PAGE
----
“Black People Wake Up:” Filmmaker Tariq Nasheed Talks State of Black America & Hidden Colors Documentary

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“Black America Needs Its Own President” – The Root

“Does the Second Amendment Only Apply to White People?” – The Huffington Post

“Negrophobia: Michael Brown, Eric Garner, and America’s Fear of Black People” – TIME

“We Don’t Need No Water: Black Rage, Ferguson and The Fire This Time” – Clutch Magazine

These are just five of the hundreds of headlines that have surfaced over the past few weeks reigniting the need for a serious discussion on race relations in America. Could a documentary help change the landscape of African Americans view of themselves and in turn the larger society? It might not happen over night, but celebrated Filmmaker, Radio Host, Father of two and New York Times Bestselling Author Tariq Nasheed hopes his newest film Hidden Colors 3: The Rules of Racism will certainly add to the empowerment of Black America.

Hidden Colors 3 features honest celebrity interviews from hip hop legend Nas, David Banner, comedian Paul Mooney, activist Dick Gregory and the leader of the post-traumatic slave movement, Dr. Joy DeGruy. Nasheed’s film explores the hidden truths about racism and African-Americans.  A timely discussion as September 8, was slated as “Black Out Monday.” The kickoff to an international boycott where organizers urge “Buy Black or don’t buy at all,” which  has amassed over 40,000 people on social media.

Before Nasheed began exploring African American history and Black empowerment in his Hidden Colors documentary series he was known for exploring the ins and out of dating and relationships, which is what he credits brought him even further into studying race and human interaction.

What was the transition like going from the King Flex persona in your relationship books to talking about these issues of race and culture?

Nasheed: A lot of people wanted to know what was the correlation between relationships and history. I always tell people there is a direct correlation between relationships and race/racism. For example, when you look at the Donald Sterling situation, it was about a relationship but it was based in racial politics. So, there is a real thin line there.

I wanted to dive into that (racial) side because we ignore systematic racism so much, because it is such an uncomfortable thing to talk about. Aside from my relationship books, I saw how certain people in the dominant society and especially the dominant media would deliberately omit the African influence in history and that made me want to get into this.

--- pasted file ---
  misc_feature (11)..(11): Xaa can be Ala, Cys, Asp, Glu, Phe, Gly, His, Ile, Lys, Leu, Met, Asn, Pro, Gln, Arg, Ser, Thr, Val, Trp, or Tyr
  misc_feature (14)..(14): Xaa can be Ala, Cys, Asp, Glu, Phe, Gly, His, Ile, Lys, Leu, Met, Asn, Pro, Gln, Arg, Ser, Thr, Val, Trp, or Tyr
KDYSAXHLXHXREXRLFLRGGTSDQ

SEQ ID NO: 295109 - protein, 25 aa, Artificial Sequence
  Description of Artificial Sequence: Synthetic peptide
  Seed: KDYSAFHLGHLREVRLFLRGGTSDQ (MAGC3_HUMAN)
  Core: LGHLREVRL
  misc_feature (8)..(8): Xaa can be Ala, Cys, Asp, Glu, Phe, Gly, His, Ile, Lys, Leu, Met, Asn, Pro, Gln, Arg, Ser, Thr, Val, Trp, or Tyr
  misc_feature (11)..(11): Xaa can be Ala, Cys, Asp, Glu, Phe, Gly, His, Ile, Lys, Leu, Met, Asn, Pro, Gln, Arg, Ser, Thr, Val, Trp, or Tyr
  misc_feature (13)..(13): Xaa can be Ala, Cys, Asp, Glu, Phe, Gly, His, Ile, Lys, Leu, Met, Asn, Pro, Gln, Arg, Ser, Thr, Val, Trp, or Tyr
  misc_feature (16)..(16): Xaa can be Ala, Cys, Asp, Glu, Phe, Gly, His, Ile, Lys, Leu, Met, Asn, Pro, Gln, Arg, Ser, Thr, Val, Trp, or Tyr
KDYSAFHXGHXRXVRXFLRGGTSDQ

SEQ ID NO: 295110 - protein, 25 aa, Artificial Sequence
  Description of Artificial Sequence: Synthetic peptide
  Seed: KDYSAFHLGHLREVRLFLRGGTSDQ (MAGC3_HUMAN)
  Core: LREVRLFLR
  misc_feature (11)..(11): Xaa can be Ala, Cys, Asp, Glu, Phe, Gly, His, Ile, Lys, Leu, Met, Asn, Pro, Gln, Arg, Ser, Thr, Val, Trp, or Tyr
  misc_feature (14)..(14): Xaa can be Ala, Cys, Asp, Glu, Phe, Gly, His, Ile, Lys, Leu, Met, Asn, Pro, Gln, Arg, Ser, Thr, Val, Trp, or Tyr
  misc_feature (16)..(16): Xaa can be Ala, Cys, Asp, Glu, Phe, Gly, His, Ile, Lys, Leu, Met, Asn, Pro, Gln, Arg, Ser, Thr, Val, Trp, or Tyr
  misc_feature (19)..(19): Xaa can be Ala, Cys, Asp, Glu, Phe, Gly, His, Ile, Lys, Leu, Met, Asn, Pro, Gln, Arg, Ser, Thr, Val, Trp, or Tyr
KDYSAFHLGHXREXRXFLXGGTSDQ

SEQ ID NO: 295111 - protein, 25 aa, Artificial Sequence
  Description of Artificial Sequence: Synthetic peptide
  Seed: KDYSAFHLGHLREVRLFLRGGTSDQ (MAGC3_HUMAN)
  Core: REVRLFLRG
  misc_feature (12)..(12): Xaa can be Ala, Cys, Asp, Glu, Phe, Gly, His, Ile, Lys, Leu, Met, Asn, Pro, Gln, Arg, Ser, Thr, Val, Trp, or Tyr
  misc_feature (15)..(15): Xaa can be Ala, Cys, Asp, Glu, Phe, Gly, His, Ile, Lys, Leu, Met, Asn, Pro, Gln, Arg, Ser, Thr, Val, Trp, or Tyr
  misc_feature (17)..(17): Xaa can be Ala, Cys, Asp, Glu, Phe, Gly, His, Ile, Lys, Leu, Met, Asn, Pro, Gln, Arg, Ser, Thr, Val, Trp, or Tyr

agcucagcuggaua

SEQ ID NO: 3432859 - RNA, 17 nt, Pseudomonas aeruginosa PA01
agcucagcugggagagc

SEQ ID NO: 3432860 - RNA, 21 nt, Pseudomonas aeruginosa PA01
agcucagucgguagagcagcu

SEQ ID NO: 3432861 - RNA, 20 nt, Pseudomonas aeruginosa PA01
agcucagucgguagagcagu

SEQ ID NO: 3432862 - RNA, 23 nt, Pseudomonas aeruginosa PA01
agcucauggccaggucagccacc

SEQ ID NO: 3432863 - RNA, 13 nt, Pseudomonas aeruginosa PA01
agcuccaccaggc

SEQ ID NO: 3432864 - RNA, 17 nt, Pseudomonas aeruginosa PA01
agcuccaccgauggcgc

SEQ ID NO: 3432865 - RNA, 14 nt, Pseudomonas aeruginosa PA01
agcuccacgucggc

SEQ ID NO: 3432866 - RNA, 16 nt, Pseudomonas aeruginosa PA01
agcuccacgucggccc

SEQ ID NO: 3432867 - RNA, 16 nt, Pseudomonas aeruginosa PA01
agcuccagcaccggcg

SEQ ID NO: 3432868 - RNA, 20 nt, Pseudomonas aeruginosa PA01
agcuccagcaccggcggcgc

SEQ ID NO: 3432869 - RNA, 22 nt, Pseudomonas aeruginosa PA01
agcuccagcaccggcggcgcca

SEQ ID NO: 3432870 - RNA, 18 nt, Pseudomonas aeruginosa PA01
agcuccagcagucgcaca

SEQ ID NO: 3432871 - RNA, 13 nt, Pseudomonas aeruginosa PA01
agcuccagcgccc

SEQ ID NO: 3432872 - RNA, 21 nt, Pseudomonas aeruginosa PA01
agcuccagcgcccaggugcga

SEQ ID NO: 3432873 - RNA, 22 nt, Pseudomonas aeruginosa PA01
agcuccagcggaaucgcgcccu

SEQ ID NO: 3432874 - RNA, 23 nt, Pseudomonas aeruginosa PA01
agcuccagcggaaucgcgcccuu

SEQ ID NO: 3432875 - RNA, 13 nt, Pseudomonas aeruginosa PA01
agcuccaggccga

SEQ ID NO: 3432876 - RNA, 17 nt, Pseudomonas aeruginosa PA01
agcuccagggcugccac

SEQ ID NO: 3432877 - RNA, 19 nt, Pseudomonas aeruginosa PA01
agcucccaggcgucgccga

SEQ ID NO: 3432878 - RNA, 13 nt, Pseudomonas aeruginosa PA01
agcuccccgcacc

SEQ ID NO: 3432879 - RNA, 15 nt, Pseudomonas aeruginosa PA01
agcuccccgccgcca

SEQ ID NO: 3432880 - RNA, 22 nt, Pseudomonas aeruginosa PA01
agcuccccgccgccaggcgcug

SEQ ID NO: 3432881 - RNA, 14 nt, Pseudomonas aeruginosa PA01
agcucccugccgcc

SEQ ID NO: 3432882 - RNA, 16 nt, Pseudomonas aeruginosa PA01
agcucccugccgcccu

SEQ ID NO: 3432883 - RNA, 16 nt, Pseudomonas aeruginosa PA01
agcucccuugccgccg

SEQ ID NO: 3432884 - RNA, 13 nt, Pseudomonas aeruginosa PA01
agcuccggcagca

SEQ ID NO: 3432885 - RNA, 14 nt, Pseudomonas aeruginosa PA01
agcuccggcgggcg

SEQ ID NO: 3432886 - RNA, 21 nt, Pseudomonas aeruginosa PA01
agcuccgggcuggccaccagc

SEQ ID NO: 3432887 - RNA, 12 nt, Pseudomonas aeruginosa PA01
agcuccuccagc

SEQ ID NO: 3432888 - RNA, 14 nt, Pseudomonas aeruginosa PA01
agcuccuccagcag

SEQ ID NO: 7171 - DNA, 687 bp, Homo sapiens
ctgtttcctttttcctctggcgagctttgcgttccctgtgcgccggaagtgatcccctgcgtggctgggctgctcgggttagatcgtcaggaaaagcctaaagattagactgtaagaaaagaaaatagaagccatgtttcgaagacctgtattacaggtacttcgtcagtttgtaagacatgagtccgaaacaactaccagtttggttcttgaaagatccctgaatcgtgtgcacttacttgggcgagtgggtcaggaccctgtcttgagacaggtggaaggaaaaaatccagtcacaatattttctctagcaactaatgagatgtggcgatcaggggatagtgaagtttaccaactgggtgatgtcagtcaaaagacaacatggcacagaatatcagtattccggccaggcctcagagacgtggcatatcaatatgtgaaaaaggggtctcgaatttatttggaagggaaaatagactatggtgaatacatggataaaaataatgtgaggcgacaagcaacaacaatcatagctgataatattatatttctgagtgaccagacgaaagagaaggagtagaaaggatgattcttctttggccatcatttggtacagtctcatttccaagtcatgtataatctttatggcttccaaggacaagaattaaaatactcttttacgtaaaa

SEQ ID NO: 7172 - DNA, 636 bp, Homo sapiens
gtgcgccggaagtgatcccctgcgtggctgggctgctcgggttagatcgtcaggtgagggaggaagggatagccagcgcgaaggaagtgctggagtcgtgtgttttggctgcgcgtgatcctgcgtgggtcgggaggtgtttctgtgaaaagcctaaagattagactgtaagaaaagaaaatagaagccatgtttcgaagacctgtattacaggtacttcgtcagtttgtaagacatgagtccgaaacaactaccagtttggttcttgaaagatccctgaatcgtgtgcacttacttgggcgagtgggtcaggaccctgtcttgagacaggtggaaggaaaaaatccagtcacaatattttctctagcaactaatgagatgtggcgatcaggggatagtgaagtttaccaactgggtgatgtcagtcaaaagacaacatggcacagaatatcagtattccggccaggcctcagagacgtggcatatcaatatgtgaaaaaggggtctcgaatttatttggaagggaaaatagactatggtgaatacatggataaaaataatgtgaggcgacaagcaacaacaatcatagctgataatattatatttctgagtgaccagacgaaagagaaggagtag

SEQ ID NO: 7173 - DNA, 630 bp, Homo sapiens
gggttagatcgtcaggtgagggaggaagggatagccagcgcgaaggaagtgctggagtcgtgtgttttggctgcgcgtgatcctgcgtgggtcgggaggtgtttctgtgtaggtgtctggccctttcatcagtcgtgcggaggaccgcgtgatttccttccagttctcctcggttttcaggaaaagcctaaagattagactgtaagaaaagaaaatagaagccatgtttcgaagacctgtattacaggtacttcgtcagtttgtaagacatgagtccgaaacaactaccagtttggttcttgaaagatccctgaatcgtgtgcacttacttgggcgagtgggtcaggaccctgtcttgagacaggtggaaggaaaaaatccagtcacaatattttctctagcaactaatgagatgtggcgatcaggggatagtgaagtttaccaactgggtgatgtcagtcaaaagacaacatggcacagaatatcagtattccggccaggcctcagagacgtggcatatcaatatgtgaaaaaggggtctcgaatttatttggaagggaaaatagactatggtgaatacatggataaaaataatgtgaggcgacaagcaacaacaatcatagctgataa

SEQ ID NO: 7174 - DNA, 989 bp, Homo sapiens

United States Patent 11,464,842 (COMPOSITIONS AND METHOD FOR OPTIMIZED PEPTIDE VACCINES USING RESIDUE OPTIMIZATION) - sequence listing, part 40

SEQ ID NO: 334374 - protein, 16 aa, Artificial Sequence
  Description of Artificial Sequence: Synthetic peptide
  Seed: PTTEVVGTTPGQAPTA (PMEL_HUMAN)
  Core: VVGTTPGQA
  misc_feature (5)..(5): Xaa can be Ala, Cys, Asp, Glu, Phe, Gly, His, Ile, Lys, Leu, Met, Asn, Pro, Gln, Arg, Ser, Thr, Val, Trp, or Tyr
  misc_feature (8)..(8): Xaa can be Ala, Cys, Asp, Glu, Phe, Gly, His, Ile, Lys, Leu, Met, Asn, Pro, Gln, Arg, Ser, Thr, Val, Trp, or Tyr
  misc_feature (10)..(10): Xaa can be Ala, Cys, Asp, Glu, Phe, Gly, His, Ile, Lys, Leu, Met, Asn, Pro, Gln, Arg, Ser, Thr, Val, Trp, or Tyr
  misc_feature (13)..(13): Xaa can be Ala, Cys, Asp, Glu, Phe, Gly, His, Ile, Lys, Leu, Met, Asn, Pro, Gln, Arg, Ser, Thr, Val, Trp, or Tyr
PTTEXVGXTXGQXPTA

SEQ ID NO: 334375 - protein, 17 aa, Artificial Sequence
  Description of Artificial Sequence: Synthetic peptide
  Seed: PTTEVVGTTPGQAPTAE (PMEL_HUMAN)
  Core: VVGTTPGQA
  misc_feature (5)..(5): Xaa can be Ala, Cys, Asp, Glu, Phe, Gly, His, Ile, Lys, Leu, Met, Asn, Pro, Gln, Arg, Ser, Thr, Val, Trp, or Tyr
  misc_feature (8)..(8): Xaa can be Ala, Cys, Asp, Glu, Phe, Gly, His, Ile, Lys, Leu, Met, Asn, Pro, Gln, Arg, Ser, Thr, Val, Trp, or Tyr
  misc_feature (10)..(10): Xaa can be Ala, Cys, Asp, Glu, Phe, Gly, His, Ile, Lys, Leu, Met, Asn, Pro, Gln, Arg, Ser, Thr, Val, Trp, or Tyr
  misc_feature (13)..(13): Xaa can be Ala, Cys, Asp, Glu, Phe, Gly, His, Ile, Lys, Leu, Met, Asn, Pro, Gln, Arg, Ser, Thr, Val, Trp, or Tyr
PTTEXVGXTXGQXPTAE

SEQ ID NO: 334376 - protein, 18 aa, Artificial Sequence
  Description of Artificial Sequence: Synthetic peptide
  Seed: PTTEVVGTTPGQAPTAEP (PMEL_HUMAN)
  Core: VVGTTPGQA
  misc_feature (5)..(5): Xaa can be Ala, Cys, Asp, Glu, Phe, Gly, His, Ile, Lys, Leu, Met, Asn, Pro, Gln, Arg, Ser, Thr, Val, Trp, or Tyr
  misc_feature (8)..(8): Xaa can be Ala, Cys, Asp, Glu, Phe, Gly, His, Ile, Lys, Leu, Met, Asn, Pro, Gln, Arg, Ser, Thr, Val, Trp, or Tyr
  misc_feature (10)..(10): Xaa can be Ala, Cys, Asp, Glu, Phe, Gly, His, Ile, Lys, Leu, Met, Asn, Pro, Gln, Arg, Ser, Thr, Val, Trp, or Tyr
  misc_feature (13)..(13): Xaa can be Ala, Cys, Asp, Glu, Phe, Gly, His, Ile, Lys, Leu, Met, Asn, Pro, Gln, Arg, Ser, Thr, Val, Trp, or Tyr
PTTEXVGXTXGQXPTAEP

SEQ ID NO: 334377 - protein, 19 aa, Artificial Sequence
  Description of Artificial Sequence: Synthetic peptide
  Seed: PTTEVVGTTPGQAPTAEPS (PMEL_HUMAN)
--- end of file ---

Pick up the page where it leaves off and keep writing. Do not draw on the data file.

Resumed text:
“There’s never been a real dialogue about race because every time we talk about race the conversation always ventures into what’s wrong with the black community.” You say this in the trailer, where should the conversation start to you?

Nasheed:

 Let’s talk specifically about white supremacy, which we’ve never talked about as a nation. We don’t even like to say the words “white supremacy.”

People starts saying stuff like, “well racism goes both ways.” No, racism doesn’t go both ways because racism is systematic. There is no systematic black racism. I ask people to tell me one law that benefits black people and disenfranchises other people. Those laws don’t exist.

When viewers watch the Hidden Color series what do want them to be thinking and talking about?

Nasheed: I want Black folk especially to think about economic empowerment which is going to translate to Black empowerment – that’s the problem we’re not empowering ourselves economically. There is no empowerment without economics. We try to socially empower ourselves, but you can’t really do that without an economic foundation. This is why are schools get shut down, this is why we get gentrified out of our communities because we don’t have an economic base to combat that.

We forget how economically empowered we were, the Tulsa, Oklahoma’s of the past and that was just one of the many Black Wall Streets. Integration, to us, basically means we get to buy stuff from other people, that’s all it is. And when we do that, unfortunately we think that we’re equal – that’s as close to being equal as we can get. But we can’t think in those terms.

If you had to pencil out your agenda for Black America what would be the first thing on that list?